PART II: Contractionary Budget Cuts Transfer Wealth To The Rich

The massive cuts to fundamental public services are working a massive transfer of wealth from the less wealthy to the more wealthy. I don’t think this is news to many readers here, but being able to provide a concrete example or two helps win the watercooler wars.  

In Part I, I talked about how slower fire response times will in effect create a “tax” that will disproportionately impact lower earners.

In this Part II, I will discuss how the privatization of State Compensation Insurance Fund will disproportionately impact small businesses.

More on the flip.

One gimmicky aspect of the recent budget disaster was the sale of State Compensation Insurance Fund’s book of business. (ABX4 12)

The California Labor Code requires that all employers carry workers compensation insurance. (Lab. Code §3700.) There are a few very tiny loopholes. The workers compensation system provides for no-fault coverage for on-the-job injuries in exchange for foregoing regular civil suits in tort. Workers compensation benefits include wage replacement, medical treatment[1], job retraining, among others. The system includes its own tribunals which relax the formal rules of evidence and procedure that exist in normal courts.

In the parlance of the ongoing health care debate in Washington, there is a “mandate” on workers compensation. Every employer has to have it. If you look, you’ll see that your home-owners insurance policy covers this in case someone doing work at your house is deemed an employee.

And in the parlance of that same debate, there exists a “public option” (at least for now). That public option is the State Compensation Insurance Fund, not-so lovingly referred to as “SCIF.”

SCIF was established in 1914 to provide a non-profit “public enterprise” insurance agency for workers compensation. The “public option” as recently as a few years ago provided roughly half of the workers compensation policies in California, but now appears to have dwindled to about 25%. Other insurers have fled the market or priced themselves out of most businesses’ range, even after reform.

Now SCIF probably isn’t something we want to hold up as a shining example of “public options.” It has been riddled with massive incidents of fraud lately (I would say, so have private companies, but who would hear that?).

So how would this work? [2] Would the best accounts be sold off leaving SCIF as a high-cost, high-risk vehicle that would streak towards insolvency?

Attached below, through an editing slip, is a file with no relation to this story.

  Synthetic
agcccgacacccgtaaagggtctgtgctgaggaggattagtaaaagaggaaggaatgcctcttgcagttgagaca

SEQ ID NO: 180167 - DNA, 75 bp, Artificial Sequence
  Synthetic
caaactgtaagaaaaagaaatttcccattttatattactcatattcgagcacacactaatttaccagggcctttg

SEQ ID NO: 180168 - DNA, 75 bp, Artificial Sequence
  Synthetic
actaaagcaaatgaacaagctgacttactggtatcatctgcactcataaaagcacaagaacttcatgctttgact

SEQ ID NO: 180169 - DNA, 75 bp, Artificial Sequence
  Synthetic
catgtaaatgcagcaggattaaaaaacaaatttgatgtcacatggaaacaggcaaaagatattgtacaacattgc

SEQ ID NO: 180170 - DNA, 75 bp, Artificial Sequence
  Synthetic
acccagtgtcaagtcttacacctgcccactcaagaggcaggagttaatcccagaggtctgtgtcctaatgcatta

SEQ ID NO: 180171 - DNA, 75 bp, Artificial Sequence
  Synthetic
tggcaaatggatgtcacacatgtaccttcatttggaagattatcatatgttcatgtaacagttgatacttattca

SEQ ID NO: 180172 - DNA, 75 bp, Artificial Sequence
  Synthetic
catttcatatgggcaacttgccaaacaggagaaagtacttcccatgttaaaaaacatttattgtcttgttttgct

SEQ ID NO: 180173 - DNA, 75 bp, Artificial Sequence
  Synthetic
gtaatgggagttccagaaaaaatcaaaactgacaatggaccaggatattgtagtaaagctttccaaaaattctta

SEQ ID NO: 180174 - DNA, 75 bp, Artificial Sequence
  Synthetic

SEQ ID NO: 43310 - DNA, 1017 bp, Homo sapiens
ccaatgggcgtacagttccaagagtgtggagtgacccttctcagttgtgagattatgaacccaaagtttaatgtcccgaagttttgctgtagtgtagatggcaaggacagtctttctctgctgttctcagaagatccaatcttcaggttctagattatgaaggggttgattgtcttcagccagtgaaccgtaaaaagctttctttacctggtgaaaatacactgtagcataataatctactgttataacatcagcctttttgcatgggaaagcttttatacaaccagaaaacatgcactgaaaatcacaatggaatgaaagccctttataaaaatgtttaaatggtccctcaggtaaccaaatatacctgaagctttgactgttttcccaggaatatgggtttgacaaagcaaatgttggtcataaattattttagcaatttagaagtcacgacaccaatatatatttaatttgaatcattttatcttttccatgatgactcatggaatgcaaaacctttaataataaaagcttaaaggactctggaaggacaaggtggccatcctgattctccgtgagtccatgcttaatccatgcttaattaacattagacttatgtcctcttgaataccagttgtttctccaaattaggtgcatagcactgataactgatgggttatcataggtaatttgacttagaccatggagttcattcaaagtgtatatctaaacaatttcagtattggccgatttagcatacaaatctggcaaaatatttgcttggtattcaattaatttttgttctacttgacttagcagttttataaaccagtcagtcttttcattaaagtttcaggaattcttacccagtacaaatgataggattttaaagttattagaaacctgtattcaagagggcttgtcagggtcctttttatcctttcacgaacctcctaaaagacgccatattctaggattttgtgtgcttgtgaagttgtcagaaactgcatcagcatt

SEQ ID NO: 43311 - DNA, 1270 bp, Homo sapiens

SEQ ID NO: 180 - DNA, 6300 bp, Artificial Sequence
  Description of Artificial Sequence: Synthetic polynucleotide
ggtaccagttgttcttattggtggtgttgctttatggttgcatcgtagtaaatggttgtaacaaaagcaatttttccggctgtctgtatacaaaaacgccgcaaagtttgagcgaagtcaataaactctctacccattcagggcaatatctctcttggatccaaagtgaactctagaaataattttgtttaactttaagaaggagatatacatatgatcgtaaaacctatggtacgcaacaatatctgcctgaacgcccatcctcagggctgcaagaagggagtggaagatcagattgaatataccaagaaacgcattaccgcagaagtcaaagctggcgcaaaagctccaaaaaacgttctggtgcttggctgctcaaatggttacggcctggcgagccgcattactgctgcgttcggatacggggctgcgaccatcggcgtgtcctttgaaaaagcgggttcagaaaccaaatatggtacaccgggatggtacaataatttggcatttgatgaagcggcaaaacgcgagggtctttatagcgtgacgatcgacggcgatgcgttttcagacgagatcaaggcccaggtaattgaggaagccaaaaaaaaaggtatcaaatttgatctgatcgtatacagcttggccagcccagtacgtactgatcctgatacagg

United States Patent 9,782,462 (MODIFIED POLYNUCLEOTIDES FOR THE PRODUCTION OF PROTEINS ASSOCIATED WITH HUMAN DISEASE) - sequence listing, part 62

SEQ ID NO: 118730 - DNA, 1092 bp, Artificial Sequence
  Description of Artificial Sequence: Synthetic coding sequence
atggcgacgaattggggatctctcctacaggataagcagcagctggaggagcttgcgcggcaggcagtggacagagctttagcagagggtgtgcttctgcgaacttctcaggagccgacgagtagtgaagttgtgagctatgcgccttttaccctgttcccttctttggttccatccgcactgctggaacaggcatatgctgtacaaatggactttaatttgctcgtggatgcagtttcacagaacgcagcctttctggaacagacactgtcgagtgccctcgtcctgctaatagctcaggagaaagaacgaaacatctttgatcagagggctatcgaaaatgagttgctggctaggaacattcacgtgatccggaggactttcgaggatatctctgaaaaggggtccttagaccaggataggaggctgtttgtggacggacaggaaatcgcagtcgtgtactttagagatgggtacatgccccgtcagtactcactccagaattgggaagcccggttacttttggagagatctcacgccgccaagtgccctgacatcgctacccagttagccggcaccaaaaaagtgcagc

From the Sacramento Business Journal.

Fundamentally transforming State Fund would be a “huge public policy blunder” and “extraordinarily ill advised,” said Steve Young, senior vice president and general counsel for Insurance Brokers and Agents of the West, a trade association. “I really believe it would be catastrophic for California consumers to fundamentally alter the safeguarding role that State Fund has played.”

In other words, we might find ourselves in a workers’ comp cost spiral that the “public option” won’t be there to cushion.

State Fund is often called the insurer of last resort. It brings “a level of honesty and true competition to the workers’ comp market,” Young said, though there’s no statutory mandate for the nonprofit to accept all applicants. The insurer was there for employers a decade ago when other insurance companies fled the market or went under during a systemwide crisis.

Of course, this won’t affect large businesses. Businesses with enough capital can simply self-insure (Lab. Code § 3700(b)) or pay the higher rate. Businesses that can’t afford the coverage will either resort to tricks like changing employees to sham “independent contractors” which could land them criminal penalties, or they may just have to go out of business.

As a result, competition will be eliminated by killing off small businesses making the conservatives scare tactic about businesses leaving California to become a self-fulfilling prophecy.

[1] In conversations I’ve had with experts on the SB 840 project, they told me that workers’ compensation was not included. I wonder how much savings there would be if everyone had medical treatment regardless of employment and that cost was removed from the comp system, where it has to be the hugest component. It seems to me it would not only increase employee mobility, but entrepreneurialism–you know, capitalism. Conservatives actually hate capitalism and competition and want mercantilism, but that’s for another diary.

[2] It won’t. Mark. My. Words. In the next budget go-round, they will have to address the shortfall from this sale ridiculously marked at over $1b.